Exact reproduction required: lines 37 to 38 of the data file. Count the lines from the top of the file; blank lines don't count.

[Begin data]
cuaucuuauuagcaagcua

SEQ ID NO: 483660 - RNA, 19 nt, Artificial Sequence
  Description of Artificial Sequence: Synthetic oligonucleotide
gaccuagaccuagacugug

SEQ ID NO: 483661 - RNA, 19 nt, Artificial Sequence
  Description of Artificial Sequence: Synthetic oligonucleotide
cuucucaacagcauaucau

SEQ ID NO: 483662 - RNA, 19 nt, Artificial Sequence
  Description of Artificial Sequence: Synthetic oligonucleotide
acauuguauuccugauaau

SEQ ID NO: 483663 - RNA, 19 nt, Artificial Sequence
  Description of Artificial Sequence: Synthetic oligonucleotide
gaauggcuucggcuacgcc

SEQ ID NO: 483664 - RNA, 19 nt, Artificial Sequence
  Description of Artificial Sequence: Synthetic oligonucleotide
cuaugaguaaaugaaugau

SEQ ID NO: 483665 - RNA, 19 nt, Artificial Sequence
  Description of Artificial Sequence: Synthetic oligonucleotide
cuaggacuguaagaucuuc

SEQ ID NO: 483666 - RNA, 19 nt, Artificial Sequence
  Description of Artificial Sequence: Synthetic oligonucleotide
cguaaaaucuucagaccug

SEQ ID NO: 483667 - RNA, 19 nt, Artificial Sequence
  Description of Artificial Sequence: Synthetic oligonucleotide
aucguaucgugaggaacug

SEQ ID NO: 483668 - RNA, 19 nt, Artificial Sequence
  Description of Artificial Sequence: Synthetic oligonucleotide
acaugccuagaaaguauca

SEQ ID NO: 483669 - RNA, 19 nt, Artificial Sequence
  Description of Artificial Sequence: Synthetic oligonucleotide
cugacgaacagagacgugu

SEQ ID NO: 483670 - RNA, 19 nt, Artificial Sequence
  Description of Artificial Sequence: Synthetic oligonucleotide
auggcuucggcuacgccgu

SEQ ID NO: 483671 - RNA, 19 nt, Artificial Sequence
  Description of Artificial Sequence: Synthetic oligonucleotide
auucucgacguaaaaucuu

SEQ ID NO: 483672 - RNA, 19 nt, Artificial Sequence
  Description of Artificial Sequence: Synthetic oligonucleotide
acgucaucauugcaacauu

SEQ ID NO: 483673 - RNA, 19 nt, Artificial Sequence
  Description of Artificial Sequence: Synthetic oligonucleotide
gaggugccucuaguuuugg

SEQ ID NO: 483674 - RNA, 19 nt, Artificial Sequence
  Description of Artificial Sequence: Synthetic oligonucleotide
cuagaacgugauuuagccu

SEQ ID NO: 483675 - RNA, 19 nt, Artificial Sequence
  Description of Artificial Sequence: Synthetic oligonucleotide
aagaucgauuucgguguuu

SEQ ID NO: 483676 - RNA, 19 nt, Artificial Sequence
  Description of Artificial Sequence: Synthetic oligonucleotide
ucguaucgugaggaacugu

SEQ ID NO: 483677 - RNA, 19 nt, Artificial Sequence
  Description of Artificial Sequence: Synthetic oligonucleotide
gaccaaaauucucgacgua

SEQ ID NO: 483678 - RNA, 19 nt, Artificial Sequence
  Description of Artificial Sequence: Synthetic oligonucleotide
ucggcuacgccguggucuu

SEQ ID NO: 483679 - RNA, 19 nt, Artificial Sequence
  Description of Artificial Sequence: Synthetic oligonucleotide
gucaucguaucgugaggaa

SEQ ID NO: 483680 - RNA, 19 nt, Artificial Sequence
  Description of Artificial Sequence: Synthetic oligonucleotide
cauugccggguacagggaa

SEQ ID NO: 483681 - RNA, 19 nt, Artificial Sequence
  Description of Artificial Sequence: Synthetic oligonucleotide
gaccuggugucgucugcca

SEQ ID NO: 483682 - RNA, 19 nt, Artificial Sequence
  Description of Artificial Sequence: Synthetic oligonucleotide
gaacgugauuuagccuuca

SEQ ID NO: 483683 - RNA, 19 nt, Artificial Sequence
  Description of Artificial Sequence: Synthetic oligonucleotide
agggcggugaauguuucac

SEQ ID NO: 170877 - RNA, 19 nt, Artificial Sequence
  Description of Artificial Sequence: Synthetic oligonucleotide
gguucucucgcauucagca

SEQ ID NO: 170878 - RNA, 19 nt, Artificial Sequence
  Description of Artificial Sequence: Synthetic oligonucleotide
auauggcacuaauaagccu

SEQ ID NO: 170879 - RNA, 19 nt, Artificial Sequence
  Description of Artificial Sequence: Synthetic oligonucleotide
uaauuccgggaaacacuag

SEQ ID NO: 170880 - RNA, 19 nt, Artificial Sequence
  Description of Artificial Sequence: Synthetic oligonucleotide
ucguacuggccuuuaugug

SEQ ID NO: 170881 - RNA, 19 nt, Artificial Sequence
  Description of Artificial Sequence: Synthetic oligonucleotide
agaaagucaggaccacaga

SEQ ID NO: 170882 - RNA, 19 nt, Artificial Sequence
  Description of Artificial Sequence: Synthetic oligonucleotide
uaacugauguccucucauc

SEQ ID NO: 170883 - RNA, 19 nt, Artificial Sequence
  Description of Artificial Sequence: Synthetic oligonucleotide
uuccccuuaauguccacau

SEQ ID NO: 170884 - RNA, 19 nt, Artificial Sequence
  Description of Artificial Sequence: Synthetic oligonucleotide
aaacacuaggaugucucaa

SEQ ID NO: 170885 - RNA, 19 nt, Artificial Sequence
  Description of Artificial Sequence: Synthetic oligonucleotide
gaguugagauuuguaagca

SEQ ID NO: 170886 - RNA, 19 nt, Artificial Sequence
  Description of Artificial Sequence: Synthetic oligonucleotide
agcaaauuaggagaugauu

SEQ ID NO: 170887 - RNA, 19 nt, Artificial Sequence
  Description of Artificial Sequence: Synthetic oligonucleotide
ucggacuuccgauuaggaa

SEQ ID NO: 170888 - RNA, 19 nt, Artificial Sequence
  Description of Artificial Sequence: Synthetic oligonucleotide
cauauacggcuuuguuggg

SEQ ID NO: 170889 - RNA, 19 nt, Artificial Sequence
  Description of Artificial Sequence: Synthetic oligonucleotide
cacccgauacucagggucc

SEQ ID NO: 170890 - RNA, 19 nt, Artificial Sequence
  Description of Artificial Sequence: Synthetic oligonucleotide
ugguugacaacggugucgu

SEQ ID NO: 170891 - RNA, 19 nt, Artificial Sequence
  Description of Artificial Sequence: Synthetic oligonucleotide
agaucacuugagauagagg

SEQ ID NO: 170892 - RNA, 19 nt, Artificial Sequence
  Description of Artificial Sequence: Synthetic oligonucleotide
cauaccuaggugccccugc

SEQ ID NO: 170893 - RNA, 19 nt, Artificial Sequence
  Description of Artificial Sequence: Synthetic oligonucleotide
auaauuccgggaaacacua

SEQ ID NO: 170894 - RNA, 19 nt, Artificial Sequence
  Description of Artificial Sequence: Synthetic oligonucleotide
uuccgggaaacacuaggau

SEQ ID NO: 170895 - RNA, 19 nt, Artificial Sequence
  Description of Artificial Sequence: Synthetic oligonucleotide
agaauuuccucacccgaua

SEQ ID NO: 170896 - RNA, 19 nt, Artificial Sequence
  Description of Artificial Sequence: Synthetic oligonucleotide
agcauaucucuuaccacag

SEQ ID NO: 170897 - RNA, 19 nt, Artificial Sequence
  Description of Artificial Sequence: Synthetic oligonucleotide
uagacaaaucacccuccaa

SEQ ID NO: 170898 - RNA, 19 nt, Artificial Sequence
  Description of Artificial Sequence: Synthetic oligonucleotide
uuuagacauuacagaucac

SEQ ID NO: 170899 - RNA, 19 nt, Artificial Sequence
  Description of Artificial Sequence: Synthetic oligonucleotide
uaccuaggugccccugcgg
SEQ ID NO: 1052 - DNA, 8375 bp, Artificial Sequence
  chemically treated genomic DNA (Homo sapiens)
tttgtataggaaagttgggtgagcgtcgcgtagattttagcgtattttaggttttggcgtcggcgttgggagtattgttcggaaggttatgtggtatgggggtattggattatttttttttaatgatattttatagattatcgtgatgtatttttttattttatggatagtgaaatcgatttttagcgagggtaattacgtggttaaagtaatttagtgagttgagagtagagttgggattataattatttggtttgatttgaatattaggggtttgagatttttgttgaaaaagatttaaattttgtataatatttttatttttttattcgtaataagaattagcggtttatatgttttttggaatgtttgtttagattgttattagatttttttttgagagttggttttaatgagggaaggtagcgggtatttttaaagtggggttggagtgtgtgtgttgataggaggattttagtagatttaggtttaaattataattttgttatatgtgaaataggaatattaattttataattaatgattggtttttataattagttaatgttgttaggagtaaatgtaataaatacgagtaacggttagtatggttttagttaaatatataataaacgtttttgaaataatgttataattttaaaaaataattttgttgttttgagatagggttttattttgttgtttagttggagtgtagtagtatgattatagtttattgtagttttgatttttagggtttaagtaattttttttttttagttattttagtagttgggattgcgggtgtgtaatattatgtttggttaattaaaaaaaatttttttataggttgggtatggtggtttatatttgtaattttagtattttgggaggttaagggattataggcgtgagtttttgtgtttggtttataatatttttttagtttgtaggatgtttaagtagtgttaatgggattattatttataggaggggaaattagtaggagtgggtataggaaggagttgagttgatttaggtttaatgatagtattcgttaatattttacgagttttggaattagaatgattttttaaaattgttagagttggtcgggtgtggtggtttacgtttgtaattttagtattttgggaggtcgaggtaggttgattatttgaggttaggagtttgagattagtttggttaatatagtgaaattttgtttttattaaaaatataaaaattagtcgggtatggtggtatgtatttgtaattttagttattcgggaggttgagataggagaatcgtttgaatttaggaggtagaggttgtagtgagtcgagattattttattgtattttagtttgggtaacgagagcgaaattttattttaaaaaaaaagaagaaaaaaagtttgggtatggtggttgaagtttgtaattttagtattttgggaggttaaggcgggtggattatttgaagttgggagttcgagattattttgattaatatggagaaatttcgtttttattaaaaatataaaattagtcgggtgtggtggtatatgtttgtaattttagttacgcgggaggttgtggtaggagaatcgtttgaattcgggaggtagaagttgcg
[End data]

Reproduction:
auucucgacguaaaaucuu

SEQ ID NO: 483672 - RNA, 19 nt, Artificial Sequence